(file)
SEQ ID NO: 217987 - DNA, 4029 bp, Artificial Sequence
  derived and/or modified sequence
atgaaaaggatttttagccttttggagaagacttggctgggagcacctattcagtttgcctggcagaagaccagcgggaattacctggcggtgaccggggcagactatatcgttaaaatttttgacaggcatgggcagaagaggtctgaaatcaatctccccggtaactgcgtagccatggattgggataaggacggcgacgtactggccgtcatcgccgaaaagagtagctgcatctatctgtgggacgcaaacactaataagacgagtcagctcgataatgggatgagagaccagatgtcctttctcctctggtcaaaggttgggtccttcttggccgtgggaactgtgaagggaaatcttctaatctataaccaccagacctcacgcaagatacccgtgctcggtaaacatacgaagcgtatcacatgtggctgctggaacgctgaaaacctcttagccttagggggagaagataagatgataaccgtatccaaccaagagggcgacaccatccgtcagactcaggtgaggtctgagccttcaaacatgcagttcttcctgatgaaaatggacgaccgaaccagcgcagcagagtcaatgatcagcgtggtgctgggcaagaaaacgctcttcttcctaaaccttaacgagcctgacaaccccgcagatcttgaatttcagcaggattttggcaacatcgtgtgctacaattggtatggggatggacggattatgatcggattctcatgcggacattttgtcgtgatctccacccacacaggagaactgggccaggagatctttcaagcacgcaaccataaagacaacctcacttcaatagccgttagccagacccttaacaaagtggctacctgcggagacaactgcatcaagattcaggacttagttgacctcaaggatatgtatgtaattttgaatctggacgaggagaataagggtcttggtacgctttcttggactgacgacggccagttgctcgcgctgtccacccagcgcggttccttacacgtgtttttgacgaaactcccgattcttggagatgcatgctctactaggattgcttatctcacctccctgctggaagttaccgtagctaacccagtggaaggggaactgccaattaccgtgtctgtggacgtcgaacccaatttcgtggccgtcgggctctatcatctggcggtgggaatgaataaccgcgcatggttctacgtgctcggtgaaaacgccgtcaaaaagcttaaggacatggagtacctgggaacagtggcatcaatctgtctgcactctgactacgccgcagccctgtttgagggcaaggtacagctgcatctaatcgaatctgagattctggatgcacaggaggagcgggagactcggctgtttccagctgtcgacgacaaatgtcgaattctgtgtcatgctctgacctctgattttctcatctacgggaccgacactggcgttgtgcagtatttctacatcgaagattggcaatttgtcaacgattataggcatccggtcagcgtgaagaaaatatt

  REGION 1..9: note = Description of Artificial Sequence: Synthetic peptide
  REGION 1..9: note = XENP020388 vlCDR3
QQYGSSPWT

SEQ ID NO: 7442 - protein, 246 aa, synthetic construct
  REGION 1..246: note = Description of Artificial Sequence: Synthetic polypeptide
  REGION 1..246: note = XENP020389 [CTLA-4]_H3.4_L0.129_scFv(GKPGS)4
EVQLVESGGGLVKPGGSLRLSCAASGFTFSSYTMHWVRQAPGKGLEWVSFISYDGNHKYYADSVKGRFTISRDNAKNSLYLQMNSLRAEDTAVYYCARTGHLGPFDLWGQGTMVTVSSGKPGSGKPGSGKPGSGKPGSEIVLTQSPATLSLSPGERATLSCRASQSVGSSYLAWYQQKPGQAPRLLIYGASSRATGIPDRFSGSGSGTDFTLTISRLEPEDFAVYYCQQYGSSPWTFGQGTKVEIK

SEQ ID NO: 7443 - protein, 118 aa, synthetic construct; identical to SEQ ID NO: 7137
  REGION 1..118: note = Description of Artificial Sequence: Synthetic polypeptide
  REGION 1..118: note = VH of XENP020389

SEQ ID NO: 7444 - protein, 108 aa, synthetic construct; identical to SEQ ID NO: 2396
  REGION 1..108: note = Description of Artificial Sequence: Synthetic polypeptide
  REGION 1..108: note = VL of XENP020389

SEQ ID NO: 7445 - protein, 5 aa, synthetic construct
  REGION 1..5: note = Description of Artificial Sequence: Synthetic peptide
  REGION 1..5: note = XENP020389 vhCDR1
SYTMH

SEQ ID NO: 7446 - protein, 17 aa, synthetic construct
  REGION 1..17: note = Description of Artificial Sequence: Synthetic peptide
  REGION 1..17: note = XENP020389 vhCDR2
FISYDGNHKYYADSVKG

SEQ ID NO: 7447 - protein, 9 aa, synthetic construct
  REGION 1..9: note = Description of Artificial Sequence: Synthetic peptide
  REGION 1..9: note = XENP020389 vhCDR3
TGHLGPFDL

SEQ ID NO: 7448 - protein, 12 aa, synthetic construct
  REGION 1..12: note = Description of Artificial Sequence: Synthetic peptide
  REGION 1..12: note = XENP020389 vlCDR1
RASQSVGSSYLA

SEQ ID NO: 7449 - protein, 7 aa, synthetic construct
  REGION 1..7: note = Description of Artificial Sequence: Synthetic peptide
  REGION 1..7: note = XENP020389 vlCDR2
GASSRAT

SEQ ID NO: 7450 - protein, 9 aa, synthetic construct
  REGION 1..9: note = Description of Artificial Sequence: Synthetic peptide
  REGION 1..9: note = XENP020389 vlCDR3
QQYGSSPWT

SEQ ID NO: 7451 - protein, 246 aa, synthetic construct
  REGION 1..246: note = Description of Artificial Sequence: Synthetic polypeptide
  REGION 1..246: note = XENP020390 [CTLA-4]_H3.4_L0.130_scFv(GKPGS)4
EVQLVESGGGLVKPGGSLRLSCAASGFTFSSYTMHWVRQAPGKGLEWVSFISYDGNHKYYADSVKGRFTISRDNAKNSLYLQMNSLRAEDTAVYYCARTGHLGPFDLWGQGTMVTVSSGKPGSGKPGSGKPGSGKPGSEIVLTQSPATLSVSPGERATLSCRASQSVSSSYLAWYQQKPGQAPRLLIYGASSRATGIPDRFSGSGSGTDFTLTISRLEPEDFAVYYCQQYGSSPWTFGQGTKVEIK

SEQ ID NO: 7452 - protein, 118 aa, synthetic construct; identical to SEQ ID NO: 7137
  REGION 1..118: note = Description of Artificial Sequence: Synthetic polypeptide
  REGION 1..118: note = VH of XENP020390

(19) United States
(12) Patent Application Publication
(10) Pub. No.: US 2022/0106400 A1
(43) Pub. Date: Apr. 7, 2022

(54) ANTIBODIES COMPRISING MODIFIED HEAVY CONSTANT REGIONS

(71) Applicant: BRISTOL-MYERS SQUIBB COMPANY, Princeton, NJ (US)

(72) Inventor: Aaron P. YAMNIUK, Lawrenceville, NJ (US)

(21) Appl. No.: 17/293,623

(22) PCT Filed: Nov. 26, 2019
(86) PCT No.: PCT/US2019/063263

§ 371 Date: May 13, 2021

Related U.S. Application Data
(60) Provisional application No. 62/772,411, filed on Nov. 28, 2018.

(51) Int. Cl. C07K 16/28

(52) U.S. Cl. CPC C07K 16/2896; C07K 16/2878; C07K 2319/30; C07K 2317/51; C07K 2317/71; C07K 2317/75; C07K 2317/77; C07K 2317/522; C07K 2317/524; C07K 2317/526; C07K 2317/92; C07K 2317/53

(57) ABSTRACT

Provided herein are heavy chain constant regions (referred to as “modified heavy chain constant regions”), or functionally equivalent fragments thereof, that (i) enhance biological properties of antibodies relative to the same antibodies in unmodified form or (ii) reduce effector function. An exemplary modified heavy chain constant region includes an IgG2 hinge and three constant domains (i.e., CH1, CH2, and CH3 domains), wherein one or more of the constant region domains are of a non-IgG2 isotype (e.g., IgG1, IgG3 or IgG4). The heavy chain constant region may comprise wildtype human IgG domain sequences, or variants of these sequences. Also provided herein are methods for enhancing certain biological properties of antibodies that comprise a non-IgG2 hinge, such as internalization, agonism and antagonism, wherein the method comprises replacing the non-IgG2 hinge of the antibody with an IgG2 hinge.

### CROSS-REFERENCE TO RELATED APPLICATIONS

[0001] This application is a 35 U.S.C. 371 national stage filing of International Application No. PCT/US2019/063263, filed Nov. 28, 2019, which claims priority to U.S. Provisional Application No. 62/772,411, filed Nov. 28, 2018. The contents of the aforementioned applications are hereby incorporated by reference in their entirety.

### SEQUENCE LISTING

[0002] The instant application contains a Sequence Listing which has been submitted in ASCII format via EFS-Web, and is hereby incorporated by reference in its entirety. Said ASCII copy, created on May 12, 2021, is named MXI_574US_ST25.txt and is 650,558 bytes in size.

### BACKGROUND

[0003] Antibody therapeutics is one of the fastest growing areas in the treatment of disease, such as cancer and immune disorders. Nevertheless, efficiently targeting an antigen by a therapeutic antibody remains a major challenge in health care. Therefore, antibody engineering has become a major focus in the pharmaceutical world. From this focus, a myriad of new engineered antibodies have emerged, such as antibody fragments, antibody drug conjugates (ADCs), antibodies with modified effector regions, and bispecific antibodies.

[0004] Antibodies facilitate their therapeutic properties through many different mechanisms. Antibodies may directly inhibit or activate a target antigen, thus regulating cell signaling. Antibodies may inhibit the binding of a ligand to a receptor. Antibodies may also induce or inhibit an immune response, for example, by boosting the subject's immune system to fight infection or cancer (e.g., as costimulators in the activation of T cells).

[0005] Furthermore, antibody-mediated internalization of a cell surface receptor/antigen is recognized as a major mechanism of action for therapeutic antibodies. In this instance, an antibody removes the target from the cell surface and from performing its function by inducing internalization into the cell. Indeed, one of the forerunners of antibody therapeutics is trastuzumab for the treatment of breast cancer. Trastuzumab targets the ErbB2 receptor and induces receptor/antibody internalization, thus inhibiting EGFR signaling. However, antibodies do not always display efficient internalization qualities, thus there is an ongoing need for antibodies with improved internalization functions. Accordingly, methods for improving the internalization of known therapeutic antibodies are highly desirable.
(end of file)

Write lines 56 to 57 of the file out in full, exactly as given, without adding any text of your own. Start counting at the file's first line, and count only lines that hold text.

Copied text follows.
(22) PCT Filed: Nov. 26, 2019
(86) PCT No.: PCT/US2019/063263